Writing for broadcast
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Writing for Broadcast. Chapter 18. Print news is written for readers scanning a page with their eyes Print stories can be reread Most people like newspapers for their detailed information Prints stories are written based on word count and column inches.

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Writing for Broadcast

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Writing for broadcast

Writing for Broadcast

Chapter 18


Print broadcast differences

Print news is written for readers scanning a page with their eyes

Print stories can be reread

Most people like newspapers for their detailed information

Prints stories are written based on word count and column inches

Broadcast news is written for listeners and viewers tuning in with their ears and eyes (for TV)

Broadcast words, once spoken, are gone forever

People like broadcast news for quick, up-to-date info

Broadcast stories are written for length of time: 30 sec., 2 min., etc.

Print/Broadcast Differences


Print broadcast similarities

Print/Broadcast Similarities

  • Although the writing styles for print and broadcast are different, the types of stories chosen are not

  • The best stories for print and broadcast are also the best stories in print

  • Reporting and newsgathering are similar too: identifying central point, finding the best story angle, doing background research, conducting interviews, identifying best quotes/soundbites, writing well, and adhering to journalistic principles of accuracy, fairness, balance, and objectivity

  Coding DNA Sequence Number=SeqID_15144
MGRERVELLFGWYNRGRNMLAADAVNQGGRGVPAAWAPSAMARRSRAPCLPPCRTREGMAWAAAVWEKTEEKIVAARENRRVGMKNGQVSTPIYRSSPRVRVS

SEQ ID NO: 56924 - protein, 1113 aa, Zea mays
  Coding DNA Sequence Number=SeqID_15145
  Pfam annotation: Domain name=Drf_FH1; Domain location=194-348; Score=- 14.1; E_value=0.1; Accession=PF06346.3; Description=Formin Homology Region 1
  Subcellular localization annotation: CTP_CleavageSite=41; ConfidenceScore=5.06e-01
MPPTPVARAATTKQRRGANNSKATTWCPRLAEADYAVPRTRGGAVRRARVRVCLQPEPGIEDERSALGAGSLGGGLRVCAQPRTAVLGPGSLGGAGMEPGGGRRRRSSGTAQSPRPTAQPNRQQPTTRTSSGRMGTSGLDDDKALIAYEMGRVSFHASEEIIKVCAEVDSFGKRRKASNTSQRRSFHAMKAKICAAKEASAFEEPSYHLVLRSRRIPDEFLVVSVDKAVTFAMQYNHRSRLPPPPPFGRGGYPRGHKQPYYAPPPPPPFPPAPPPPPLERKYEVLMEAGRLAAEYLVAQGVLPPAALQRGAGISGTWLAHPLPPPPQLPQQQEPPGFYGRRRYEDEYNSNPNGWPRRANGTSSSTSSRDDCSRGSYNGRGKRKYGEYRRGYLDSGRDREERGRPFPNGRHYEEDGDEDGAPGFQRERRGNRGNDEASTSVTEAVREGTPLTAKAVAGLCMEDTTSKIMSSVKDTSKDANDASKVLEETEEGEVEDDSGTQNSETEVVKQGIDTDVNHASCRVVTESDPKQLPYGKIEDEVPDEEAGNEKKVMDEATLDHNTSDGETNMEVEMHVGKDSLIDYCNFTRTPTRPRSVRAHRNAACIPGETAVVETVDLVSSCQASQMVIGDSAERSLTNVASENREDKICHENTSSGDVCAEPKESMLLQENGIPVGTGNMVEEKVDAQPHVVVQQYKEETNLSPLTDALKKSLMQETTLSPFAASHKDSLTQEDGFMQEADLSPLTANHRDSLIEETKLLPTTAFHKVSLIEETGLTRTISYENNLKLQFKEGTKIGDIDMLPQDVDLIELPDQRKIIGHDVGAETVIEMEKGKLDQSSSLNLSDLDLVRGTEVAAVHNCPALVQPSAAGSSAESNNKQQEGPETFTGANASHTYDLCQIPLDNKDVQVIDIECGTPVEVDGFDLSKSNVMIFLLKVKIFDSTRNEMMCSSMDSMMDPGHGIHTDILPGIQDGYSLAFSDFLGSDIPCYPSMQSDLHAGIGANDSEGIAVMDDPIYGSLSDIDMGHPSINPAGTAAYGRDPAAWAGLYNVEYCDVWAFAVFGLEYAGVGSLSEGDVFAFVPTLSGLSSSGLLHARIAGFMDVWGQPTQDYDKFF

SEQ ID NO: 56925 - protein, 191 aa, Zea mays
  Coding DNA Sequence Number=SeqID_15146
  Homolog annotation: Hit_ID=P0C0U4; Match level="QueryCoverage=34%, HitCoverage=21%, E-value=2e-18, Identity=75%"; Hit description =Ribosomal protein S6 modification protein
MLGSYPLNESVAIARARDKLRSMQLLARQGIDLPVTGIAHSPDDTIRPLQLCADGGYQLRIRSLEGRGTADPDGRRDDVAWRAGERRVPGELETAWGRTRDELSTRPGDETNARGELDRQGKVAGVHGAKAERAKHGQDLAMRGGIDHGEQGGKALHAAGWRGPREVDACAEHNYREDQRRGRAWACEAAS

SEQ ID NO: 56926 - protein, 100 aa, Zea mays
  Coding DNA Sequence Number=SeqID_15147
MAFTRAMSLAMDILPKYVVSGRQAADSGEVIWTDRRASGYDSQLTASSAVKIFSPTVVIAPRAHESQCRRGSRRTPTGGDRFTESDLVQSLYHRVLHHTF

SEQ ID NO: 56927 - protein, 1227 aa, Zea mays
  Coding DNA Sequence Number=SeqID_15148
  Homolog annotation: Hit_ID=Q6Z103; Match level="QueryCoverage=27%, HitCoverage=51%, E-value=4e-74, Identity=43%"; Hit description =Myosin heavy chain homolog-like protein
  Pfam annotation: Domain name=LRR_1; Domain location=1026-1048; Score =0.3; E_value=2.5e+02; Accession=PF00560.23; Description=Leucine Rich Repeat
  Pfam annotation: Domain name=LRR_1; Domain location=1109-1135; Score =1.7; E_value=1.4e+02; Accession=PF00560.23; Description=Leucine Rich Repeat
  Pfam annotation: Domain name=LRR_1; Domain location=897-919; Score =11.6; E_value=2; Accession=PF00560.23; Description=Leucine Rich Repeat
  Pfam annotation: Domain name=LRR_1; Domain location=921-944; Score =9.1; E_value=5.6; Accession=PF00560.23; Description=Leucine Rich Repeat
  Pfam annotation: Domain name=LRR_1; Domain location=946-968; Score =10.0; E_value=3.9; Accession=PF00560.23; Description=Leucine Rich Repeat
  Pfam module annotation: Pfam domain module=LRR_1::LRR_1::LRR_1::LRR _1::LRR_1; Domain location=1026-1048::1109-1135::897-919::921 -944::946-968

Broadcast writing guidelines

Broadcast Writing Guidelines

  • Adopt a conversational, informal and relaxed style

  • Write short sentences that are to the point and limited to one idea per sentence

  • Present information in an up-to-date format

  • Use present-tense verbs

  • Round off numbers and give them meaning

  • Shorten long titles

  • Never put an unfamiliar name first in a story

  • Omit a person’s middle initial

  • Place the description, age, job title, and other identification before a person’s name not after as done in print

  • Leave out ages and addresses if they are not important to the story

  • Place the attribution before what is said: “who said what”

  • Avoid pronouns: may be unclear who you are referring to


Broadcast writing tips

Add phonetic spelling to ensure proper pronunciation: Bow-fort, North Carolina; Beuw-fort, South Carolina

Spell out numbers up to and including eleven

Use numerals for 12 to 999

Use “says” instead of “said” to sound more current and now

Use a combination of numerals and words for large numbers

Use words instead of abbreviations

Spell out figures, signs and symbols

Use hyphens for numbers and letters to be read individually: C-B-S

Avoid alliterations or tongue twisters

Broadcast Writing Tips


Pyramid vs inverted pyramid

Pyramid vs. Inverted Pyramid

  • The best broadcast leads are short: 12 words or so

  • Broadcast uses a pyramid style body of the story organization: complete story is written for time given, say 30 seconds

  • But like the inverted pyramid, the story often puts information in descending order of importance


Scripting broadcast stories

Scripting Broadcast Stories

  • Broadcast story “scripts” have more narrow left and right margins and are double spaced for readability

  • Corrections can be neatly made on script using block-style editing

  • See script example on page 496

  • Another example is on our website:


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